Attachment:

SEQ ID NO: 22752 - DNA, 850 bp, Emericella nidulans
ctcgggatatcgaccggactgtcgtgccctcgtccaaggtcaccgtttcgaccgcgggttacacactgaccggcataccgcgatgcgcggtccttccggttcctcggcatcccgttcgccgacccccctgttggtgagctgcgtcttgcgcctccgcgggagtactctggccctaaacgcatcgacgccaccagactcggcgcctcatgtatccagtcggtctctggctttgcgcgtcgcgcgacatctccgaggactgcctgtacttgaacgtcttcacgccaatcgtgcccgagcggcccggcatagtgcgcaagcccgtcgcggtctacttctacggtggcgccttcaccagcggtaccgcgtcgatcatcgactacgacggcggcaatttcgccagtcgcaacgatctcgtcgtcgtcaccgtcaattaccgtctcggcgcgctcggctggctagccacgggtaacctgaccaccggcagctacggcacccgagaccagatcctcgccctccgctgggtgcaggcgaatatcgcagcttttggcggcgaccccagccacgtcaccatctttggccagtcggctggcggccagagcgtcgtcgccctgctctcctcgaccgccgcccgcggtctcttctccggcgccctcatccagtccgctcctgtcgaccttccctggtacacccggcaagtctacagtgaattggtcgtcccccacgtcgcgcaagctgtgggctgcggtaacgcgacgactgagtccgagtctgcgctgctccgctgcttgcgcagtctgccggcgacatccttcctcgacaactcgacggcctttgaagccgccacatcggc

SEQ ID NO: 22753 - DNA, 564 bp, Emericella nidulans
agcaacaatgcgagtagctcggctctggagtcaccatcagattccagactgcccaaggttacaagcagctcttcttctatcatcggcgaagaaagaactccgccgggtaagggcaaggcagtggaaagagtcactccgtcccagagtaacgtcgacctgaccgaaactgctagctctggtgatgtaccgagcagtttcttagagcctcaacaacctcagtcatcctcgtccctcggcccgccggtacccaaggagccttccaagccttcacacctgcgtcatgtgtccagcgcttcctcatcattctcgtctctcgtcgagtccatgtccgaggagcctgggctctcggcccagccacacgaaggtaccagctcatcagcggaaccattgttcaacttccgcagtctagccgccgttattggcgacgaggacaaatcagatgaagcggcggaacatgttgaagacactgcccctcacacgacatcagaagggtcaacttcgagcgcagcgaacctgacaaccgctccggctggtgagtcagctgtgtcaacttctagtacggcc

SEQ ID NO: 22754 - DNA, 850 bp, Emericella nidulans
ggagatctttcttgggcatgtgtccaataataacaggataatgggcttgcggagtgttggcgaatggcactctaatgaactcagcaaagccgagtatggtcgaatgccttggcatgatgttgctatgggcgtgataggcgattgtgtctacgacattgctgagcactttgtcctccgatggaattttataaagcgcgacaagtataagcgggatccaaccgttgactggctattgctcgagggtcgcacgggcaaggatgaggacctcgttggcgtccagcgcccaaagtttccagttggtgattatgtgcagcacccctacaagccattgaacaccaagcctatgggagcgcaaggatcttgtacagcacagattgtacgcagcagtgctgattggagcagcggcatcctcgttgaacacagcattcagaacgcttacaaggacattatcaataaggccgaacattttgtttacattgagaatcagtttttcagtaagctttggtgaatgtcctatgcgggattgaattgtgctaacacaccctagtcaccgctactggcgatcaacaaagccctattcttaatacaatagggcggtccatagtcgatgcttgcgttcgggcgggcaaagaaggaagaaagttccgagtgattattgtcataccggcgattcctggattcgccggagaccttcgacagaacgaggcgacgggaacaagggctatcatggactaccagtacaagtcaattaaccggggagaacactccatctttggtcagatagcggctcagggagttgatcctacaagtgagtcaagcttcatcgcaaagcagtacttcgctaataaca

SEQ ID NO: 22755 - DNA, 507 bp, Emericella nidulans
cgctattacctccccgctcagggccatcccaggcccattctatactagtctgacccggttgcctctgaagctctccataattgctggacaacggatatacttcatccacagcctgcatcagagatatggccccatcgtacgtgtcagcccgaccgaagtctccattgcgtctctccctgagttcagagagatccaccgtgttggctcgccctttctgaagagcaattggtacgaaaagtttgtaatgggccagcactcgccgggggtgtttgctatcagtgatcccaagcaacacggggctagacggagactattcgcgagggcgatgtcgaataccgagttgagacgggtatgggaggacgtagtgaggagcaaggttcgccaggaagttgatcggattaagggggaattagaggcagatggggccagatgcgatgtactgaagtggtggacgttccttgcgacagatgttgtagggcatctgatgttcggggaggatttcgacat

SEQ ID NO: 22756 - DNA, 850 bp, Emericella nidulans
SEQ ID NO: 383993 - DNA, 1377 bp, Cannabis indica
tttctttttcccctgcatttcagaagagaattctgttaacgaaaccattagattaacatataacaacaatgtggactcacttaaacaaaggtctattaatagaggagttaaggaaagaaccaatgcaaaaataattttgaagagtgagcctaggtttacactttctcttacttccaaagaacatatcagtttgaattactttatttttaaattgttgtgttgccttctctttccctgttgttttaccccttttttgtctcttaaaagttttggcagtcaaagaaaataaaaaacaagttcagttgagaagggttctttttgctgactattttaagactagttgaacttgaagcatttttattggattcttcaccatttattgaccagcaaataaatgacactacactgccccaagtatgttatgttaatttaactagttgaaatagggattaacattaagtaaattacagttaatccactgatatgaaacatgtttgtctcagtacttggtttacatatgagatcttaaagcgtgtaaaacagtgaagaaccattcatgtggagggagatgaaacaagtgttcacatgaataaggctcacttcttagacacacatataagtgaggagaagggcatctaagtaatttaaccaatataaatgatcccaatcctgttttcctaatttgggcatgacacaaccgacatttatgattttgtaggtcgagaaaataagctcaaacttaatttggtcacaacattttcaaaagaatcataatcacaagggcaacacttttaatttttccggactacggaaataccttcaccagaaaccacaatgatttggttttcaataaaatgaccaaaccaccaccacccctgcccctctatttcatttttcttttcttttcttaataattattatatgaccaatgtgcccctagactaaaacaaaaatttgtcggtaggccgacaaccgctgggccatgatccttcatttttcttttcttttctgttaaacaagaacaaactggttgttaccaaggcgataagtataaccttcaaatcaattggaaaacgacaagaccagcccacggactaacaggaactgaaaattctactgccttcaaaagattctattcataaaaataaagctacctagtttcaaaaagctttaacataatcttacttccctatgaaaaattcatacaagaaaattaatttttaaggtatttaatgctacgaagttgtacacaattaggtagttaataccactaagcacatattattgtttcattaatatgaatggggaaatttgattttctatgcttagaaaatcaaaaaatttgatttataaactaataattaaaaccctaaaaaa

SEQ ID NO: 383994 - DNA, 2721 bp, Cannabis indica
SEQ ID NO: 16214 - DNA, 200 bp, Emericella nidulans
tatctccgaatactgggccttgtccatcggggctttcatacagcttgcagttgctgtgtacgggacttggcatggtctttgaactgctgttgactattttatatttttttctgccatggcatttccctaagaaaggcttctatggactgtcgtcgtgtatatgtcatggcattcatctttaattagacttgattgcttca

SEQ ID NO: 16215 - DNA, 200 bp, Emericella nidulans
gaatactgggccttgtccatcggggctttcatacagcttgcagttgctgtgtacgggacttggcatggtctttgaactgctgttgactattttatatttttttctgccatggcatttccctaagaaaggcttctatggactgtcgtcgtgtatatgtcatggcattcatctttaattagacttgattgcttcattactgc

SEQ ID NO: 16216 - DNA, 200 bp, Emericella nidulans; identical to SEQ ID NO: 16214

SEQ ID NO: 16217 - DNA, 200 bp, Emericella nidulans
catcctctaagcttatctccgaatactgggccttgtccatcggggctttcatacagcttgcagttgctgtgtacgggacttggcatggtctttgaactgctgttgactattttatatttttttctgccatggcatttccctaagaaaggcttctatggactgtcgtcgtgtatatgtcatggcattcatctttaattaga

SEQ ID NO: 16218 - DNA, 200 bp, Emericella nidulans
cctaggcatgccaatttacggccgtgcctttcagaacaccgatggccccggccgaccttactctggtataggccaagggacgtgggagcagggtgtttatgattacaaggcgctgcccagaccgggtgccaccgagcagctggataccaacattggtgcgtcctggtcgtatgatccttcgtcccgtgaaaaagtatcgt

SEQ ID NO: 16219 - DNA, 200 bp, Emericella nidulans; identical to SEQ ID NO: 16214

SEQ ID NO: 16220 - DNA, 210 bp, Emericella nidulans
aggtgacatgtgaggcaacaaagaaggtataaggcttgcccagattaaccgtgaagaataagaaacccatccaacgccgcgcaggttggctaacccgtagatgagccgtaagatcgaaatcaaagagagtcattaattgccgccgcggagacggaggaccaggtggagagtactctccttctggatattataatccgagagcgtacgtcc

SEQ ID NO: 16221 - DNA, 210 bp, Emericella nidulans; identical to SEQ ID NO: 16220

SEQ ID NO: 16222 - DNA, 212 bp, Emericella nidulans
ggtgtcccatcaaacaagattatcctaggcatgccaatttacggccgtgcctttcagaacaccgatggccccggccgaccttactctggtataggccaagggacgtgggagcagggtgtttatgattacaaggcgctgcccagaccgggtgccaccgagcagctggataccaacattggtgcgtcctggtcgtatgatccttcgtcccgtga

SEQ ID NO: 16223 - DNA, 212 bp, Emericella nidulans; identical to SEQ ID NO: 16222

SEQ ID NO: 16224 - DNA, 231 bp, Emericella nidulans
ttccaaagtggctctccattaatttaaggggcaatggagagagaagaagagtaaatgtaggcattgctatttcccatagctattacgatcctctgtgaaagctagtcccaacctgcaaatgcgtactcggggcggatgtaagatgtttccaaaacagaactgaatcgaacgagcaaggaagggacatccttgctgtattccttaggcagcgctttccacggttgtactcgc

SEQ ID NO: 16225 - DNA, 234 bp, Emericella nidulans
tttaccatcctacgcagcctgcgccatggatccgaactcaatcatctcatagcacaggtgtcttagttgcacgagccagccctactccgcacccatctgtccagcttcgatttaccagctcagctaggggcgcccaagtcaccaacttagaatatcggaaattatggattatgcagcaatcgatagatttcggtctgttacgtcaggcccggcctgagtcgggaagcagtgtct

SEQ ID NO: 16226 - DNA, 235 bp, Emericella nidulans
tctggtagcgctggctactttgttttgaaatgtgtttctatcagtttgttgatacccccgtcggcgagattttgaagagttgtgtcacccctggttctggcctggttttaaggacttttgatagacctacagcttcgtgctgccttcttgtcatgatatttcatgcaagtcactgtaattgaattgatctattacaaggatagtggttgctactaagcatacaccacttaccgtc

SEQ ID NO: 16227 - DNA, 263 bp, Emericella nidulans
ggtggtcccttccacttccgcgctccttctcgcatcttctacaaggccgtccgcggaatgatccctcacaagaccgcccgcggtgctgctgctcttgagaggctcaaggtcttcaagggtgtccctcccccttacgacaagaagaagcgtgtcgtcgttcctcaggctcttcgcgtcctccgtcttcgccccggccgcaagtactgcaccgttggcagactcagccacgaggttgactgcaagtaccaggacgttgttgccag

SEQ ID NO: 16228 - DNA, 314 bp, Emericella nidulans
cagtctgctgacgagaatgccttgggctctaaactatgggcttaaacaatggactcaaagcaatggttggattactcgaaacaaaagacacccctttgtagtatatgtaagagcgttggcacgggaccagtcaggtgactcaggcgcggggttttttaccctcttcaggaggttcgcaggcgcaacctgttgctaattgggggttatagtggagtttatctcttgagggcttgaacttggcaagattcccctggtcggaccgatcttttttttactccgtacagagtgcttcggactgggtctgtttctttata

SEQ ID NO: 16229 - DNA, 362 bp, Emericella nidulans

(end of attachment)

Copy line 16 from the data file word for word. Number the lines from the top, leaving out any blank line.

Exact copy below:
gaatactgggccttgtccatcggggctttcatacagcttgcagttgctgtgtacgggacttggcatggtctttgaactgctgttgactattttatatttttttctgccatggcatttccctaagaaaggcttctatggactgtcgtcgtgtatatgtcatggcattcatctttaattagacttgattgcttcattactgc